A crucial piece of evidence -- the body of the victim -- was finally discovered yesterday in the case of a Rockville man who was convicted more than two years ago of killing his estranged wife even though police could find no trace of the body, no blood and no weapon.
Montgomery County prosecutors said the body of Catherine Patricia Hurley, 34, who disappeared in August 1983 after going to her husband's carpet cleaning business office to collect money he owed her, was discovered buried in a remote area off Brink Road near Damascus.
The husband, William Francis Hurley, 38, was convicted of manslaughter four months following the disappearance, after their 5-year-old daughter testified at his trial that she had seen through the window of her father's office the legs of a woman, apparently lying on the floor. Hurley is serving a 10-year sentence at the Maryland Correctional Institution in Jessup.
Hurley's former girlfriend, Amy Snively, 30, led investigators to the grave, the county prosecutor's office reported. Snively, who lives at 17113 Thorntondale Ct., Olney, was charged last night with two counts each of perjury and being an accessory after the fact of murder, said Suzanne Schneider, spokeswoman for the state's attorney's office.
Sources close to the case said Snively's disclosure of the grave site apparently was related to a recently renewed grand jury investigation.
Through a plea bargain agreement made yesterday, prosecutors said, Snively would be sentenced to no more than 18 months in prison in exchange for a guilty plea. Maximum penalty upon conviction of all four charges would have been 30 years in prison.
Snively, an office manager for a Silver Spring printing business, had testified at Hurley's trial in Montgomery Circuit Court that she had been living with him and was with him on the night when prosecutors claimed he killed his wife. Snively testified that she believed that Catherine Hurley had left town and abandoned her children, Katie, 5, Daniel, 8, and Jack, 12.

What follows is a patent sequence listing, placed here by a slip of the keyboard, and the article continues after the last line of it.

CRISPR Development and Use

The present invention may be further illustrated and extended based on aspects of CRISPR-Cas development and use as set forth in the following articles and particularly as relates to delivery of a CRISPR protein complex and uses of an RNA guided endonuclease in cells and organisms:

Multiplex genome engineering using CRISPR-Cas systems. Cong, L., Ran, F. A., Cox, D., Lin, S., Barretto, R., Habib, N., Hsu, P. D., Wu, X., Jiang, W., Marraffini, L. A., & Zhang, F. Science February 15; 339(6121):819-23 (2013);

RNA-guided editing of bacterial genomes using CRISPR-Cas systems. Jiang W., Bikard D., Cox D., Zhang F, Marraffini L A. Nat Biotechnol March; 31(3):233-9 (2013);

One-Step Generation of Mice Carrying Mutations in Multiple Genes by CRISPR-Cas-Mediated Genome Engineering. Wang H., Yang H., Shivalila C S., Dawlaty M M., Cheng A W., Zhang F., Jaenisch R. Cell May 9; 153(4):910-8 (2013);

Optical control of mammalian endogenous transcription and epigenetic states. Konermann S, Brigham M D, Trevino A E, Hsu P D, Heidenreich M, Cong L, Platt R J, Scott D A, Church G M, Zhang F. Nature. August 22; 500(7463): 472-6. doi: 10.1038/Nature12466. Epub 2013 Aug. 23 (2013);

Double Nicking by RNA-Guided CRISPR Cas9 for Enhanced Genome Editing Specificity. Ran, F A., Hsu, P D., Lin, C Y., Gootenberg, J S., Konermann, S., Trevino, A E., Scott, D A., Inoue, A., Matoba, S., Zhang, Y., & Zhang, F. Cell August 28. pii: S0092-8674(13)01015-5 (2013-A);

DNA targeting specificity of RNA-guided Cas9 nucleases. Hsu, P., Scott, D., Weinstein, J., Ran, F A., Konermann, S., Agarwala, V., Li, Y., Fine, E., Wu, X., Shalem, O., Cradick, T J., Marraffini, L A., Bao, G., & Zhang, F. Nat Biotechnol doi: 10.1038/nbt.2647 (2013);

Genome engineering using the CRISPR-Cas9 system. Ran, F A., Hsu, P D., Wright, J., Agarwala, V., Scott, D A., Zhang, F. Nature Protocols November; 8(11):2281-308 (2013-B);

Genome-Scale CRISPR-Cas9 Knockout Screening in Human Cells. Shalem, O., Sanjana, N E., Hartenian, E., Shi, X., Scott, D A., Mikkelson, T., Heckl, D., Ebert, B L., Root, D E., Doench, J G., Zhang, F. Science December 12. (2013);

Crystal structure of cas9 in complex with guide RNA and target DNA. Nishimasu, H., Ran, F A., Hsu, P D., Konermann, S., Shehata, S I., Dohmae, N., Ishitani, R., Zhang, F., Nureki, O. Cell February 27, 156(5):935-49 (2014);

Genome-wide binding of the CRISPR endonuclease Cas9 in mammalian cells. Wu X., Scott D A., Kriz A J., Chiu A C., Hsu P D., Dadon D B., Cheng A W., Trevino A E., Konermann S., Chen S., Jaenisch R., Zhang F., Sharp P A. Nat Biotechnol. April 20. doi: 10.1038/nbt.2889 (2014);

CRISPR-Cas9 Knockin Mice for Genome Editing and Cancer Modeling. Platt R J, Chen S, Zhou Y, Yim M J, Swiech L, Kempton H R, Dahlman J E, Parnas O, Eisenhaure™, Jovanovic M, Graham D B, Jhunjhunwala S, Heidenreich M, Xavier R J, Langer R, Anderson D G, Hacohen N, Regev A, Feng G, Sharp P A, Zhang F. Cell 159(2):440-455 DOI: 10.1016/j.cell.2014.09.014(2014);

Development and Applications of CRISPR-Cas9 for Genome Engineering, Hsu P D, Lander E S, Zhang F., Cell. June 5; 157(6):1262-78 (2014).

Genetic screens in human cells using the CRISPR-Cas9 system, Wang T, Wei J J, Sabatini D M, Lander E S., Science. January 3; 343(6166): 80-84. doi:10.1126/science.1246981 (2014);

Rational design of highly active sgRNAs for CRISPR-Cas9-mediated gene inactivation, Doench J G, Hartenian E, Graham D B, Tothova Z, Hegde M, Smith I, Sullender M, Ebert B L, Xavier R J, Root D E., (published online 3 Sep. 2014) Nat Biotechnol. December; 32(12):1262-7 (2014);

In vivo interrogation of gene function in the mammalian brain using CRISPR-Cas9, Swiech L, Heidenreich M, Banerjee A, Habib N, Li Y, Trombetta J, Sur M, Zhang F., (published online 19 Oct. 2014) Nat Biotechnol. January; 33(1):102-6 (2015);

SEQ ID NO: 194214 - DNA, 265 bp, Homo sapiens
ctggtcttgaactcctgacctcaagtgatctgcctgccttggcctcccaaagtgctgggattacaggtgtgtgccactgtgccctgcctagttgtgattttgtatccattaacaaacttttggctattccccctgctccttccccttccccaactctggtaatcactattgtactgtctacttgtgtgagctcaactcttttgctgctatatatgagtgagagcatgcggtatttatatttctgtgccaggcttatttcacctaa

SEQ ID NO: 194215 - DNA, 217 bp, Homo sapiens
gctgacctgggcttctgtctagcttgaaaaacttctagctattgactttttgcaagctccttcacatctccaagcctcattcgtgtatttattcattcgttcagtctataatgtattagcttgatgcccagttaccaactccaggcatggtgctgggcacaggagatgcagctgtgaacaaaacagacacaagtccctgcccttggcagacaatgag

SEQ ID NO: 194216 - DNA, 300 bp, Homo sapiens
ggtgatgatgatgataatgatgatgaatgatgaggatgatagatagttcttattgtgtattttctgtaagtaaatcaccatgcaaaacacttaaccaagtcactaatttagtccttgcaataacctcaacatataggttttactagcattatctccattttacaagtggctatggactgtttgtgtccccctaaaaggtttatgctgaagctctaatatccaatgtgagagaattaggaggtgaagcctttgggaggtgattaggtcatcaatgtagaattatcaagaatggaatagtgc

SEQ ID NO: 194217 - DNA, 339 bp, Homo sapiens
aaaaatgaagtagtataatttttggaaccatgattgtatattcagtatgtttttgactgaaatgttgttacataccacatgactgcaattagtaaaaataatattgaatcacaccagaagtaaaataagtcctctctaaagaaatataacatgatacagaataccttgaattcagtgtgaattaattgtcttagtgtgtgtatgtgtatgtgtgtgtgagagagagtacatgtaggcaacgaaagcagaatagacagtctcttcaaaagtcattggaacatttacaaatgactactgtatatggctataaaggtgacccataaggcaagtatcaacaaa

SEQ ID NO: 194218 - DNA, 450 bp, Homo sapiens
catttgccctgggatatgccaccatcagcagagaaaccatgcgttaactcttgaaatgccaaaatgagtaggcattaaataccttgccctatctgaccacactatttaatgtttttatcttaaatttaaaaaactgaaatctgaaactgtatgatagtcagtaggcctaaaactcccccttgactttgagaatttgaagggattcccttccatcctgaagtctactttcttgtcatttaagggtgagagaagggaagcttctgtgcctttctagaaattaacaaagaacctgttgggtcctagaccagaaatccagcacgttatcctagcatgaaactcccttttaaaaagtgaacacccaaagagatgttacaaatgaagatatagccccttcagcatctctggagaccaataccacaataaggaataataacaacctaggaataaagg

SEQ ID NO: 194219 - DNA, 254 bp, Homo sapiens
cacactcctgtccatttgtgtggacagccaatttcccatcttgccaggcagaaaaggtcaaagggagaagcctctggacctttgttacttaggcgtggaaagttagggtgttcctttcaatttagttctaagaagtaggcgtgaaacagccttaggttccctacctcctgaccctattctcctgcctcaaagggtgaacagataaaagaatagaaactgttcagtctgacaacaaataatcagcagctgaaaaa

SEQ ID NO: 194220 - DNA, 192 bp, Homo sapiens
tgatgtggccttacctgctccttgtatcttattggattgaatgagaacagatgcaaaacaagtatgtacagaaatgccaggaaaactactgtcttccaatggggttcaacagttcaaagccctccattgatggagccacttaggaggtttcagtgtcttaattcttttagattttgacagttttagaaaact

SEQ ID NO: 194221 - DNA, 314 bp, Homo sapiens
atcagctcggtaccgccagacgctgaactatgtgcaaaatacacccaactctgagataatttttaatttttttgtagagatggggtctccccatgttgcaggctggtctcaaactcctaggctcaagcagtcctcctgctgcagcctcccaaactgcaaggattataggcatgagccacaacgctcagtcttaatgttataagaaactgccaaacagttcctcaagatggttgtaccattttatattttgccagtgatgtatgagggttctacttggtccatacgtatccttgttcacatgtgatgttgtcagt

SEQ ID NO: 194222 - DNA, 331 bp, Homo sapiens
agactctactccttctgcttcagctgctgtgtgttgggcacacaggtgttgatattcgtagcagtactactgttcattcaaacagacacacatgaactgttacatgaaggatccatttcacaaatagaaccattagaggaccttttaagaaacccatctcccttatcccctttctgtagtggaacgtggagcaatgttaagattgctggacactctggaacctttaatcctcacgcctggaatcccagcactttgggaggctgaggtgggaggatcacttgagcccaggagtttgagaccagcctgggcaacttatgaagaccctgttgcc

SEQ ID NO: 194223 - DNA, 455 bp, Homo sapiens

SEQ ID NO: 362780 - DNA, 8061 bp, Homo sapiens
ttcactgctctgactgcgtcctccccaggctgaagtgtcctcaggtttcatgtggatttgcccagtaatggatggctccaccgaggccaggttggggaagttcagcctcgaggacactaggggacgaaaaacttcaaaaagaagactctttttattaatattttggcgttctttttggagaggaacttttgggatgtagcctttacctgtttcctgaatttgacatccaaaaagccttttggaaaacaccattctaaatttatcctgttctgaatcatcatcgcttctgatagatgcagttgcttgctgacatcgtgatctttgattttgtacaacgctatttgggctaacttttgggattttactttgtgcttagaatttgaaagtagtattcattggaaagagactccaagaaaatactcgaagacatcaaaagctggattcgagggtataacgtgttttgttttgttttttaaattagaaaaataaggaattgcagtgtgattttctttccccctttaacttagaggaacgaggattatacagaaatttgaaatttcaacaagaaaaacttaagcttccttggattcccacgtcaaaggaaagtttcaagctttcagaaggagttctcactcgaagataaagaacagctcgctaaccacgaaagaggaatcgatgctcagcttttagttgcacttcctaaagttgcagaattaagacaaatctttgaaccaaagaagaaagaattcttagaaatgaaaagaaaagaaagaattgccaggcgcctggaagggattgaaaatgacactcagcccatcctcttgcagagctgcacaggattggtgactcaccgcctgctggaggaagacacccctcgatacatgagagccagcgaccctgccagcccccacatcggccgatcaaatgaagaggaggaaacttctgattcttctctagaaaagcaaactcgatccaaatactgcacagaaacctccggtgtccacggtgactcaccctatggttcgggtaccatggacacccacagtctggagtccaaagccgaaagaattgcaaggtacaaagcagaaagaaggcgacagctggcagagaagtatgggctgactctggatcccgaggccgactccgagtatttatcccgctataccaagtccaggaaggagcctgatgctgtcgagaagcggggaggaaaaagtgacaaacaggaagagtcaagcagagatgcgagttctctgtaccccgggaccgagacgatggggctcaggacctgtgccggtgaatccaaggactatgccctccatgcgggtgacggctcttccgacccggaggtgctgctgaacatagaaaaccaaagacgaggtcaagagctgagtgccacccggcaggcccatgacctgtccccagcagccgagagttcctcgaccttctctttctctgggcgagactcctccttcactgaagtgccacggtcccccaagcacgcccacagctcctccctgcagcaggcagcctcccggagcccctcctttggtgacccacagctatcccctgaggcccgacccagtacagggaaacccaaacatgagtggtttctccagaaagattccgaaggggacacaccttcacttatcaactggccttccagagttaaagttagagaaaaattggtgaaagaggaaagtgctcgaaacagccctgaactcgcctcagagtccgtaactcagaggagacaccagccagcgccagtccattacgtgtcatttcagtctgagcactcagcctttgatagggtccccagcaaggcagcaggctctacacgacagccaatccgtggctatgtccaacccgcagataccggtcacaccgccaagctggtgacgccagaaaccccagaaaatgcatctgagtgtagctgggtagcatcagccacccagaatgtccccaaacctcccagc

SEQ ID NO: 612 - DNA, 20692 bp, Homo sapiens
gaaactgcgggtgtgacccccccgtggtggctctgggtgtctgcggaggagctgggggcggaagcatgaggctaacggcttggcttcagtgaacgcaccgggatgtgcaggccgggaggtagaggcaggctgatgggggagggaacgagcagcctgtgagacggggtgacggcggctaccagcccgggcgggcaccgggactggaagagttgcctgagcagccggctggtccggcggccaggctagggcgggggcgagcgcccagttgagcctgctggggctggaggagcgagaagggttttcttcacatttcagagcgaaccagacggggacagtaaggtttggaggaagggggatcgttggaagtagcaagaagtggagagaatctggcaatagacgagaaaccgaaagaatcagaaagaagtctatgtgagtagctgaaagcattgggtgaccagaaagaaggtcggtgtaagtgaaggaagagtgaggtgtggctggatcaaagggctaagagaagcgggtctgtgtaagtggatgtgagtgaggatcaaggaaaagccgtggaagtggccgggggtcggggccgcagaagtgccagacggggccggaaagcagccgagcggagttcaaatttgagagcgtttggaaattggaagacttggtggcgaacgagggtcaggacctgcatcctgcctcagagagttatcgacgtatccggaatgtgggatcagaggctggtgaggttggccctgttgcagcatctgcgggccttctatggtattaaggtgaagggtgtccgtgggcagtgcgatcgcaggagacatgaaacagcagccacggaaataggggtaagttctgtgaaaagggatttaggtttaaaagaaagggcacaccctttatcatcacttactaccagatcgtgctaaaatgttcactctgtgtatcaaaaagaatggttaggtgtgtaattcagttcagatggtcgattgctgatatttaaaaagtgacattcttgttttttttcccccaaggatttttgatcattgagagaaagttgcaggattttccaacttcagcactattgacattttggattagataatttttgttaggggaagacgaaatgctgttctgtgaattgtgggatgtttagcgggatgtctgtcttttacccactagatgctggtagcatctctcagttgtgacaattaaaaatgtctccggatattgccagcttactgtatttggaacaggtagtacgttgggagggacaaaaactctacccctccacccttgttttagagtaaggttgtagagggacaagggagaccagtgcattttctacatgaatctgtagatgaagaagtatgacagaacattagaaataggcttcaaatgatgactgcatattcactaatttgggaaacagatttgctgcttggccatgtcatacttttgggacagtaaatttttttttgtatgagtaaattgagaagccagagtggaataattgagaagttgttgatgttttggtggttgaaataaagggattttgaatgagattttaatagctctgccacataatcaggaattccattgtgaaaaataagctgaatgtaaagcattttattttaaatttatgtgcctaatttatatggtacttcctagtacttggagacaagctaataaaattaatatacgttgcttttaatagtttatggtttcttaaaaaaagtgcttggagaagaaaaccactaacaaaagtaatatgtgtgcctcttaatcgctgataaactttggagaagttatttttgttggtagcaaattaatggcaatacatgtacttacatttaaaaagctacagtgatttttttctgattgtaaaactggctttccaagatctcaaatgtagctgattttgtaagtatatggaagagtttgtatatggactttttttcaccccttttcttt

The defense called a Rockville psychiatrist who testified that Catherine Hurley's diaries suggested that she might have run away or might have committed suicide.
The state's star witness, Katie Hurley, seemed unaware of the import of her testimony. Clutching a chartreuse teddy bear and smiling across the courtroom at her father, she testified that had she had heard a scream while waiting in her mother's car outside her father's office.
When she went to a window to peer in, she said, she saw the legs and feet of a woman wearing what appeared to be her mother's shoes. Her father later came out of the office, she continued, told her that her mother was on the telephone and drove her to his house in Rockville.
Katie and her two brothers now live with their maternal grandparents in Rockville.
William Hurley was originally charged with second-degree murder -- killing with malice but without premeditation -- but he was convicted of manslaughter, which involves neither of those elements. Schneider said that he could not be tried on another murder charge as the result of evidence found yesterday because of the constitutional protection against double jeopardy.
Snively had told a friend that William Hurley had dug up his wife's skull, had smashed out the teeth to prevent identification through dental records, and had thrown the skull into a river, according to court documents.
In the months after Catherine Hurley was secretly buried, according to documents filed in court to support one of the accessory charges, Snively patrolled the grave site to make sure animals did not dig up any bones. On one occasion, according to the documents, Snively found a long bone that she thought was an arm or a leg and threw it in a dumpster.
The case of Catherine Hurley's slaying "was never closed, not without a body," said Schneider. "At least now her family will be able to give her a decent burial."